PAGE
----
Announcing Stack Overflow Documentation

We started with Q&A. Technical documentation is next, and we need your help.

Whether you're a beginner or an experienced developer, you can contribute.

Sign up and start helping → Learn more about Documentation →

We have been experimenting with using data visualisation techniques inspired by Edward Tufte to display our test suite and it has been very effective.

I would like to extend this to our Subversion Repository as I feel that there is a lot of information buried in the commit history that COULD be better represented in a graphical format.

I would like to be able to identify at a glance things like:

  • which modules are comparatively stable - a lot of writing - a little maintenance and which ones have been written and rewritten
  • which modules are all one persons work and which are the work of many

Ideally I would like to annotate this information with other stuff from testing and performance tools, like:

  • code coverage
  • xref stuff like function call graph
  • mebbies even things like processor utilisation under consistent load

Anybody good any good tips, examples, utilities, etc, etc...

Our shop uses mostly the mighty Erlang but we will take heart and inspiration from any source.

share|improve this question
up vote 4 down vote accepted

Check out StatSVN as an example of a Subversion statistics generator:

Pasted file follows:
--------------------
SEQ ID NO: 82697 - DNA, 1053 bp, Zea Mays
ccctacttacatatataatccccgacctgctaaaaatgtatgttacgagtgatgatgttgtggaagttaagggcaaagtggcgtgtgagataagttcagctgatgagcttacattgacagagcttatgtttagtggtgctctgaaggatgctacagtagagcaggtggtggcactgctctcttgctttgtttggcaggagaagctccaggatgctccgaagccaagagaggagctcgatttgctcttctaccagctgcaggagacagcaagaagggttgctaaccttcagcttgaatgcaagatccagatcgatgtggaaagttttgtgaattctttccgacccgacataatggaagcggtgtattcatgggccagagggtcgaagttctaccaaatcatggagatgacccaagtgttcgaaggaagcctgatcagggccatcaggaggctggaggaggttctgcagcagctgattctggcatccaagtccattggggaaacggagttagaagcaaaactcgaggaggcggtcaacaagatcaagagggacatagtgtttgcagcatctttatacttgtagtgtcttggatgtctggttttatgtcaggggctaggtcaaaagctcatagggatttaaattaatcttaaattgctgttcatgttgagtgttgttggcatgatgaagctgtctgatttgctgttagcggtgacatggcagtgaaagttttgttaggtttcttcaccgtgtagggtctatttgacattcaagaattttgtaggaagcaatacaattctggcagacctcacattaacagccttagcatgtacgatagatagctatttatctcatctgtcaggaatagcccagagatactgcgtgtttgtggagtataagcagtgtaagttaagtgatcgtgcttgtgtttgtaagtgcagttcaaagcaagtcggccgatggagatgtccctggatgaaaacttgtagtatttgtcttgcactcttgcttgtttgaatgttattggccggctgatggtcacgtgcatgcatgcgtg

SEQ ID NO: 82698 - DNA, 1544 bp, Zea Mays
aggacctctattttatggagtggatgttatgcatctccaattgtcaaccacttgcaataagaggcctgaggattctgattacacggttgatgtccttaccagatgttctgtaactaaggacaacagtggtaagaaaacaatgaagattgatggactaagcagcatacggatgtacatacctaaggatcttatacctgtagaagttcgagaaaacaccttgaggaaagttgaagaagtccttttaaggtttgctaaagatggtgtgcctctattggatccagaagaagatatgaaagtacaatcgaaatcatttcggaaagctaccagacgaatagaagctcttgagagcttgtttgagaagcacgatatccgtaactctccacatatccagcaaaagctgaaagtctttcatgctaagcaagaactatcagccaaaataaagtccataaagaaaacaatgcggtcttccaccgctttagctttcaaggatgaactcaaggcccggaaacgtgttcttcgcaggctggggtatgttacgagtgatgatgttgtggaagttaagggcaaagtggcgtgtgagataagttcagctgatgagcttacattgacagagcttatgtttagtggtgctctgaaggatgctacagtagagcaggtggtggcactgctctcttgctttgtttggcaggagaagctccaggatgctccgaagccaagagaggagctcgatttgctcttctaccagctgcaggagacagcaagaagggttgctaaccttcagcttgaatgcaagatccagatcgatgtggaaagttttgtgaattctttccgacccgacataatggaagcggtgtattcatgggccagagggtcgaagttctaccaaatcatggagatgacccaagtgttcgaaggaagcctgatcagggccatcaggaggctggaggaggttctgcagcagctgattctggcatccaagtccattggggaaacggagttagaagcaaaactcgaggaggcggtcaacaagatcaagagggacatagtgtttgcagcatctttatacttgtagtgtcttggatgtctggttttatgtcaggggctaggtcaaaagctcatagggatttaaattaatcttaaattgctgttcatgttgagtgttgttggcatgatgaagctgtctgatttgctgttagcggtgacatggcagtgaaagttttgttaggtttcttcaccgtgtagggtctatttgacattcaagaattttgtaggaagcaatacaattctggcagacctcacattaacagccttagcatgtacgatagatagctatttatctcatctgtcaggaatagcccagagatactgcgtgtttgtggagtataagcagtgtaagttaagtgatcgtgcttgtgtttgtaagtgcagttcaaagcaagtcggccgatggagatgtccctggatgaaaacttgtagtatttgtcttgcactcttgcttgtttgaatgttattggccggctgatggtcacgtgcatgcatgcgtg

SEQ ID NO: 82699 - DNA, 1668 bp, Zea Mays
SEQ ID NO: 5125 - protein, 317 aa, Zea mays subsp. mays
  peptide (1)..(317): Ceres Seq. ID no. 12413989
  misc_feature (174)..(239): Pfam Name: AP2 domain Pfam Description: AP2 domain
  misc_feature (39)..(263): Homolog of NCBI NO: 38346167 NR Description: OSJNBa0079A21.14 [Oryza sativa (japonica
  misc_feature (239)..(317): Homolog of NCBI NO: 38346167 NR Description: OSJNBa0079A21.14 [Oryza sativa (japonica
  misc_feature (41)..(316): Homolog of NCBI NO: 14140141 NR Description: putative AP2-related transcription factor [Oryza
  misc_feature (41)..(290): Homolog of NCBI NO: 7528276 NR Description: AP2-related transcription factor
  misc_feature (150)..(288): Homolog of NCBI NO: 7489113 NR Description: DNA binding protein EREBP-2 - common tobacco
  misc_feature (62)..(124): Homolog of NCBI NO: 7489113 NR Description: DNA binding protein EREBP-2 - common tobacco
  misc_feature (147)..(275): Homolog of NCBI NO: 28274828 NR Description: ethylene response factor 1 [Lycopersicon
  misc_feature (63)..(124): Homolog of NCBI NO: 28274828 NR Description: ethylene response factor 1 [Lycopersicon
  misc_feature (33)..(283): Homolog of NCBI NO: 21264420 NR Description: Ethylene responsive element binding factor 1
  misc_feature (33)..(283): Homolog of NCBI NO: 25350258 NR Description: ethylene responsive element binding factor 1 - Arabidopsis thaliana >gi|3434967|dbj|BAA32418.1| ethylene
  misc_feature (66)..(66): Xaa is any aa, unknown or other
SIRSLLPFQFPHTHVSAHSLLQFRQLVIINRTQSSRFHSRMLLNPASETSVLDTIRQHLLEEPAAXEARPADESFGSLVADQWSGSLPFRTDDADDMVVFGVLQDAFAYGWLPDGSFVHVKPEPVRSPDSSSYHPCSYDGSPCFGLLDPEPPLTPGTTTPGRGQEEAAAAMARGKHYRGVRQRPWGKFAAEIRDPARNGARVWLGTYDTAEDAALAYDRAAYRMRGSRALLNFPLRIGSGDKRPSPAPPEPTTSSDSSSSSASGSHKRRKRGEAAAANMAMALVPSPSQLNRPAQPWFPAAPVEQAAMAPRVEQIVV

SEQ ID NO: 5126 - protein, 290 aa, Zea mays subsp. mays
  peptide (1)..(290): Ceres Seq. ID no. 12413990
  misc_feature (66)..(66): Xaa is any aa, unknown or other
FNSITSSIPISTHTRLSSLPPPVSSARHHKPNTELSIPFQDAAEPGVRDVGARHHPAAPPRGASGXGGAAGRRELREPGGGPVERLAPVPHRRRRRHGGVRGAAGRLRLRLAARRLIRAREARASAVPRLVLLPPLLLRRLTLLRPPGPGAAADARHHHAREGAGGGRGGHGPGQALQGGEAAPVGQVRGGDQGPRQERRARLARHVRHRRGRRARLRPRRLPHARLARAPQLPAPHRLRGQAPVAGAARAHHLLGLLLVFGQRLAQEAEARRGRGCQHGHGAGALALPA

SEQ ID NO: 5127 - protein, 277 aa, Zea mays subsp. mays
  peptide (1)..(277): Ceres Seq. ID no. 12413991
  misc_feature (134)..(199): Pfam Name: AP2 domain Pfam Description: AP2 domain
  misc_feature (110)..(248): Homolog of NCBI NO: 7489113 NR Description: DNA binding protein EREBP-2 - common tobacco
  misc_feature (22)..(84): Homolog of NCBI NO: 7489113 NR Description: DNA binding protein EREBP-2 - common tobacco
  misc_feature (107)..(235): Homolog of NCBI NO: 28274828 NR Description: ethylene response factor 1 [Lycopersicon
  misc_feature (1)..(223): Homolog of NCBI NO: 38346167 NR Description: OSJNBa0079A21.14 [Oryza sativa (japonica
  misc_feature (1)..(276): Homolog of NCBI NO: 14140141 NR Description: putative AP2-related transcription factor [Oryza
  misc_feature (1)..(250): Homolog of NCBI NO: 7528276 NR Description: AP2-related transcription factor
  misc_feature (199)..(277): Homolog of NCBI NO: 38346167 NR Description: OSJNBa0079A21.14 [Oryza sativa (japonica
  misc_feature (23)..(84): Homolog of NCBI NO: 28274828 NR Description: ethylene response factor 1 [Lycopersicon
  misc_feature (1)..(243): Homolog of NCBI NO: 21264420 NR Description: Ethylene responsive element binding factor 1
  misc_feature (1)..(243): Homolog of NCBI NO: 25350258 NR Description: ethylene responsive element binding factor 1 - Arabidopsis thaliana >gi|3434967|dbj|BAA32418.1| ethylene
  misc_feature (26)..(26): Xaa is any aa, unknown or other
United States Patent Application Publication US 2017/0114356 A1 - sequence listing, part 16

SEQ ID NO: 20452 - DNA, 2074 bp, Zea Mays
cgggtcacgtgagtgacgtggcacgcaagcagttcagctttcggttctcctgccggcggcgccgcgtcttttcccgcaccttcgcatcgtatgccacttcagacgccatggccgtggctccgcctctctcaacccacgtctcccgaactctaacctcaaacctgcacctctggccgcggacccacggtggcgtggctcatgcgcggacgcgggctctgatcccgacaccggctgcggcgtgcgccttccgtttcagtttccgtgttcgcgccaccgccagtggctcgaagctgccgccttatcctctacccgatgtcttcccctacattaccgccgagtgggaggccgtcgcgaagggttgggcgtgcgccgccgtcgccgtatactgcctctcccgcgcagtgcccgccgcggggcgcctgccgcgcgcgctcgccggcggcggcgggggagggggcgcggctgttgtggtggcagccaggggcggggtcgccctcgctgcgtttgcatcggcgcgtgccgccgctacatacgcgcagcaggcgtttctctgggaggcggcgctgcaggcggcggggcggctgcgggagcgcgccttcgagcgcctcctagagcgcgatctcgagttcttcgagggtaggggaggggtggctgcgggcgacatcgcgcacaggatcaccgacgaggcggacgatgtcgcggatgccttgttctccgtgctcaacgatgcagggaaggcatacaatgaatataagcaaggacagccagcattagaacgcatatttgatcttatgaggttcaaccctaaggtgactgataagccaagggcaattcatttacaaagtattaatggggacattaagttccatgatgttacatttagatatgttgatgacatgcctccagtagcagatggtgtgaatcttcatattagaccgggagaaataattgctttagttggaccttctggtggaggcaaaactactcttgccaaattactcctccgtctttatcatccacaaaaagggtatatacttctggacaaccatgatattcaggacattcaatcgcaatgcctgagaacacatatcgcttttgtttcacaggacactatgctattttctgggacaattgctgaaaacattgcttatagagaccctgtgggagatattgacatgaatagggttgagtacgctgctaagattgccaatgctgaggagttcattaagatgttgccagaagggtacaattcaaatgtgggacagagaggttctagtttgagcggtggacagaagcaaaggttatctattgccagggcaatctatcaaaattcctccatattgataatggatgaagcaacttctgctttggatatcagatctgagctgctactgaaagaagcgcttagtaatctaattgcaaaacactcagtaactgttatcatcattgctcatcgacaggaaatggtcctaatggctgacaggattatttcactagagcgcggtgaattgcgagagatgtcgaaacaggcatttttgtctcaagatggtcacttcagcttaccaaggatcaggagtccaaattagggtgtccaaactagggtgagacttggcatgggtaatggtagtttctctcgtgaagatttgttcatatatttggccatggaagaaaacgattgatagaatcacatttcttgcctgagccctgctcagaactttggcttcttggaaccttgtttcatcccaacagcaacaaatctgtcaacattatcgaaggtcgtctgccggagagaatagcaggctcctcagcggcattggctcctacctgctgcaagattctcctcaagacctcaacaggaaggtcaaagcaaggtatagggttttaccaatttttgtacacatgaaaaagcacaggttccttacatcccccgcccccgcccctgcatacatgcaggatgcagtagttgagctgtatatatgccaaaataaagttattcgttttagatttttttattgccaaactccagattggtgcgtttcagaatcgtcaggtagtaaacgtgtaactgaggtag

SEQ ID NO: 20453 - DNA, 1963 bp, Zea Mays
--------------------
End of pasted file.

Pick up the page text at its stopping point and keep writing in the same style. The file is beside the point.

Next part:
share|improve this answer
I only wish it was as stable & scalable as StatCVS. (I had StatSVN choke on a big codebase which StatCVS was able to handle ok, before the SVN conversion.) – Jonik Feb 10 '09 at 21:41

You can try SVNPlot. It first creates a local sqlite data from the svn commit log messages. Then it uses sql queries and matplotlib to generate various graphs from it.

You can use it the sqlite database to add your custom queries and additional graphs.

(Disclaimer - I am main author of SVNPlot. Do let me know if you find it useful or if you have any suggestions on improvements)

share|improve this answer

You probably have seen codeswarm which made some headlines earlier this year when it was used to generate some cool videos of collaboration in Ruby on Rails--see the Visualizing Rails & Git blog post for a great summary and sample videos.

You might also get some ideas from history flow, which Jeff Atwood linked to in a recent Coding Horror post.

share|improve this answer
I have seen codeswarm but I don't find it particularly analytic. I am looking for a visualisation approach that leads to a call to action - focus on this module to refactor, there is a problem, etc, etc.. – Gordon Guthrie Feb 11 '09 at 7:16

Your Answer


By posting your answer, you agree to the privacy policy and terms of service.

Not the answer you're looking for? Browse other questions tagged or ask your own question.